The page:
We have fortnightly collections.Two different coloured wheelie bins(one general waste,the other garden waste)two different coloured bags(cardboard & other plastic bottles)and a box for newspapers/tins/glass.The council will provide larger wheelie bins for those with a need for them,and issue penaltys for those who leave a bin out with the lid unable to be closed completely.When the wheelie bins were introduced,there was a noticable increase in the amount of fly-tipping(popular dumping point 100yrds away)even though the council were still collecting bulky items free.Several gardens around the estate became an eyesore with heaps of black plastic sacks of rubbish stacked under a rear window or behind a shed.The bin-men also seem to have learned howto handle the various collections more efficiently as initially,there was always lots of debris on the streets after they'd been & now the only evidence they've been is the pavements are blocked by wheelie bins/boxes etc.After a few years of methods to resist change such as these,the wheelie bins seem to have been accepted and the only noticable increase in complaints appears when the council screw-up the dates on the collection callenders.When we first got the wheelie bins,I struggled to get a fortnights waste into it but I soon learned howto reduce the amount of waste(taking a little longer buying the shopping as I had to visit different shops so as to obtain the item with the minimum packaging,grocers rather than supermarket for instance,rinsing plastic milk containers in warm water thus enabling it to be squashed flatter etc)We also now have many more methods to dispose of each type of waste thus reducing further the amount going into the wheelie bins.My only issue is the garden waste wheelie bins,I would've thought that these are useless as the majority of people don't use them,gardeners will keep their own garden waste for composting and non-gardeners will not create any garden waste.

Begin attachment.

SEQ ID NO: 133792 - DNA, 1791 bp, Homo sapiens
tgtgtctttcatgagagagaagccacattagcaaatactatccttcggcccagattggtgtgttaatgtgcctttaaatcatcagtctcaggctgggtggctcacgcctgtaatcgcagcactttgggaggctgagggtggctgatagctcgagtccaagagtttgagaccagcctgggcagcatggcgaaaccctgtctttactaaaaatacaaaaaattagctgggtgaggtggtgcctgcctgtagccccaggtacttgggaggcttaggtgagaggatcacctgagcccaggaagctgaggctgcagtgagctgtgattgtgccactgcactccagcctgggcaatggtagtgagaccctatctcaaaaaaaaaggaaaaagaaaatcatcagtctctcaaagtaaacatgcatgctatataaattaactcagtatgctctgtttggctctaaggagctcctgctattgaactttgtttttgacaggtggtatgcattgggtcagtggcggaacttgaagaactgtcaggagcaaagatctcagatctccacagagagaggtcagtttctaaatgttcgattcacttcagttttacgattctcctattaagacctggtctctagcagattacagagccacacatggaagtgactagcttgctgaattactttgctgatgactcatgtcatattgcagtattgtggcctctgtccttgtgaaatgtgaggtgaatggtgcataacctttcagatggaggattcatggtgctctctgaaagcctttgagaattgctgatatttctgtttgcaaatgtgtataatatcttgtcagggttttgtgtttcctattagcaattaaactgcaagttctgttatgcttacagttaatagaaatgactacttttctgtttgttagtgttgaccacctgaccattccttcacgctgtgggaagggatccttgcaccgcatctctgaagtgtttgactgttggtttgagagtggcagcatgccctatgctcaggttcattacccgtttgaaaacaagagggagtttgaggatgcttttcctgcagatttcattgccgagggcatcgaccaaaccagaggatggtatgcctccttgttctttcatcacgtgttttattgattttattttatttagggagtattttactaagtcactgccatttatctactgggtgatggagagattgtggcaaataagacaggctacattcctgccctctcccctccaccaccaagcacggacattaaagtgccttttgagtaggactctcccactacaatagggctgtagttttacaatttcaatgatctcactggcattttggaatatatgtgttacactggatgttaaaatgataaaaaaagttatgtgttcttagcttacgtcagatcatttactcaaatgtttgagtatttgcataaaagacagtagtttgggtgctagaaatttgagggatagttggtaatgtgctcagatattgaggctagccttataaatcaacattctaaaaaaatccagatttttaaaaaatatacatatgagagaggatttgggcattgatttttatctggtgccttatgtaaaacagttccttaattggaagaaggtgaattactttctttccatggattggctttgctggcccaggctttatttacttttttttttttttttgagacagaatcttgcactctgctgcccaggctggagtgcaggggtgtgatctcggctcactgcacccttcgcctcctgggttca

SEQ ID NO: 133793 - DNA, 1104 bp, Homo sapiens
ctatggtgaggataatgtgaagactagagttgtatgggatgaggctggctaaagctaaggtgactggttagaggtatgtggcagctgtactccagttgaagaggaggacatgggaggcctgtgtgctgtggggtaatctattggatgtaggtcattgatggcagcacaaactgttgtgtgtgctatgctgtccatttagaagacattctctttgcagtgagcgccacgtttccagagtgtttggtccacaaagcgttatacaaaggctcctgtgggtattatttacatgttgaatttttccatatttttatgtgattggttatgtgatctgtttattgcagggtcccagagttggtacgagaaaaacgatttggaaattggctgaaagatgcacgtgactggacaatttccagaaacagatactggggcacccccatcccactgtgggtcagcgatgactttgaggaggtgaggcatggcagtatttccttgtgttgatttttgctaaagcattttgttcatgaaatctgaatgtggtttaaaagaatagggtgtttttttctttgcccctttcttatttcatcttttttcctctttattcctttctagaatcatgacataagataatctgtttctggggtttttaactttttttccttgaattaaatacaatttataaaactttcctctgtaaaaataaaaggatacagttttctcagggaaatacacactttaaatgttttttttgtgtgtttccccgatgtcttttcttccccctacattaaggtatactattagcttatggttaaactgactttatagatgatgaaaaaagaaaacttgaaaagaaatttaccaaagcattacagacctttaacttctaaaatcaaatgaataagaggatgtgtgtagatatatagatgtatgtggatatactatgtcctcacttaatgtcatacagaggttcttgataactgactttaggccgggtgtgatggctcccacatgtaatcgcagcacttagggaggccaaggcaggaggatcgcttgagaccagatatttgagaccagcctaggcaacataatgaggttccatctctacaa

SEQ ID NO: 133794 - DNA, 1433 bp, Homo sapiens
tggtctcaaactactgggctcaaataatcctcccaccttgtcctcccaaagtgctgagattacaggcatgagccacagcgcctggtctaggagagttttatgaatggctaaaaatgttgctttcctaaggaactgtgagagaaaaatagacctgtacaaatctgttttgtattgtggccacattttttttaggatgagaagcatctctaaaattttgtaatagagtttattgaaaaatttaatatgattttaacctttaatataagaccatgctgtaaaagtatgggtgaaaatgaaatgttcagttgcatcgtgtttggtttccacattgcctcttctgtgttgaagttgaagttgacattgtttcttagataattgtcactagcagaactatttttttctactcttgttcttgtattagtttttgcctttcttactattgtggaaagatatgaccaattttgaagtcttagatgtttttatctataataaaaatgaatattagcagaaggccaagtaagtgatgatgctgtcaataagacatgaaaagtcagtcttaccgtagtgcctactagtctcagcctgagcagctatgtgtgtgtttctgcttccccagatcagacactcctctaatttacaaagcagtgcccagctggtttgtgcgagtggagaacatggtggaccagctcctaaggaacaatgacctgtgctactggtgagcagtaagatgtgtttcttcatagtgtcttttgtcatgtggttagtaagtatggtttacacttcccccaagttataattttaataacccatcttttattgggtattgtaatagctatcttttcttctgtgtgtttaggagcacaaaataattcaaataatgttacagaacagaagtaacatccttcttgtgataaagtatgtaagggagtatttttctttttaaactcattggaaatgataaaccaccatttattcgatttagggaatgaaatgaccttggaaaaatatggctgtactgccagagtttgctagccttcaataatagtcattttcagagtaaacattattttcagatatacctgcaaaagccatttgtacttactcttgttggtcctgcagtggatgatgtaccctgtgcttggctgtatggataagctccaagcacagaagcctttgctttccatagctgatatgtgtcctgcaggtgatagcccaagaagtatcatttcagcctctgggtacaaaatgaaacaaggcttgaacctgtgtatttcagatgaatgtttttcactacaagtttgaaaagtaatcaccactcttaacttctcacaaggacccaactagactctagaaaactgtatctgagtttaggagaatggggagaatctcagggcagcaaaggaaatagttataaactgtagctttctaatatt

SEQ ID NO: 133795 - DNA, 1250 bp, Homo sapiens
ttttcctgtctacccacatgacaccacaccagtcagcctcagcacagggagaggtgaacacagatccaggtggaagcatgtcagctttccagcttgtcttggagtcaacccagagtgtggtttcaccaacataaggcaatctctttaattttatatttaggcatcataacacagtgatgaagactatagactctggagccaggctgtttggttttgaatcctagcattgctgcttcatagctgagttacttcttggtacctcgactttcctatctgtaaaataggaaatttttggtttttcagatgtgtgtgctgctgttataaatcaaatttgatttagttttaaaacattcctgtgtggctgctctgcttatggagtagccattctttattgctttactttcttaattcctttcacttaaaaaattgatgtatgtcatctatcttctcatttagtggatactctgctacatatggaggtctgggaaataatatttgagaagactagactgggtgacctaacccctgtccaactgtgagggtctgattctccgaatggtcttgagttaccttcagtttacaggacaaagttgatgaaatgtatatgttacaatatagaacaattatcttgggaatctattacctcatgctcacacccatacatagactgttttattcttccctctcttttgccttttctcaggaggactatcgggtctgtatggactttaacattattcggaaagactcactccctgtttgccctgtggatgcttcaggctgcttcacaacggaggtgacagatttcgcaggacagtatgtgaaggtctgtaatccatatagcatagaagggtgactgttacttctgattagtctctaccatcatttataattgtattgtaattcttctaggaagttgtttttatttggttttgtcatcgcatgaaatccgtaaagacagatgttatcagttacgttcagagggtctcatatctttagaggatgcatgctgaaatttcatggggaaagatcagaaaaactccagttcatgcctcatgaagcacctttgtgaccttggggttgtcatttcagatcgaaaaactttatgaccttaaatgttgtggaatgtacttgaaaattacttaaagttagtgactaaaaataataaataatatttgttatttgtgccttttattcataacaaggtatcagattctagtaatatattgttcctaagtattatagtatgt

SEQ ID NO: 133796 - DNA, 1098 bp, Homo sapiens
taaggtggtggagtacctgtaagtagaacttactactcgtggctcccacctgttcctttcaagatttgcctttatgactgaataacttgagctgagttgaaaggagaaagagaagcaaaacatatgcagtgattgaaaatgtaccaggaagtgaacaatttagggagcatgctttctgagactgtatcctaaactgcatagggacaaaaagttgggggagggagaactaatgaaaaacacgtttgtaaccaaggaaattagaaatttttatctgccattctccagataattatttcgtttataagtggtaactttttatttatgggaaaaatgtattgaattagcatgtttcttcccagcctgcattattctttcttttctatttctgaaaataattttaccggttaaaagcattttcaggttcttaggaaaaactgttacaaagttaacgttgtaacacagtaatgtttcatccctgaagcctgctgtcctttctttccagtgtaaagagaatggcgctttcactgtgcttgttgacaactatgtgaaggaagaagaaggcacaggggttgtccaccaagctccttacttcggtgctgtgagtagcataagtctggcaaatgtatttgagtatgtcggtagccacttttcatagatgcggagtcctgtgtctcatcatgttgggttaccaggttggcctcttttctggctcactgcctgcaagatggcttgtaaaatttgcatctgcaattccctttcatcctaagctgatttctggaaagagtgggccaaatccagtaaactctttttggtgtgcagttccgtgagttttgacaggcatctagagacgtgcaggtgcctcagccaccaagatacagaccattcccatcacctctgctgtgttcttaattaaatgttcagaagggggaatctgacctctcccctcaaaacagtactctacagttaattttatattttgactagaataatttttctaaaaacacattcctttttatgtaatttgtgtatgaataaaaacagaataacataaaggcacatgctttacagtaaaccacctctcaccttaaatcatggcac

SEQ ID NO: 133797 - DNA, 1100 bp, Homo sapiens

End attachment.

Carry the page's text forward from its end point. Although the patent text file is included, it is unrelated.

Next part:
spuds 16:26 31 May 2011

Perhaps off topic slightly, but around my neck of the woods (and apparently most other places) we had/have the weekly leaflet drop or bag in the door for some charitable cause or another, wanting various good quality items.

I now note that some car wash areas, usually manned by Eastern European people, are starting collecting points at these areas for anything recyclable, and they are even offering you cash for bringing the items in!.

This thread is now locked and can not be replied to.

Elsewhere on IDG sites

iPhone X review

Political cartoons in 2017: Chris Riddell, Rebecca Hendin and Dave Brown on what it’s like to…

The best iPhone for 2017

Tennis : comment regarder la finale de la Coupe Davis 2017 ?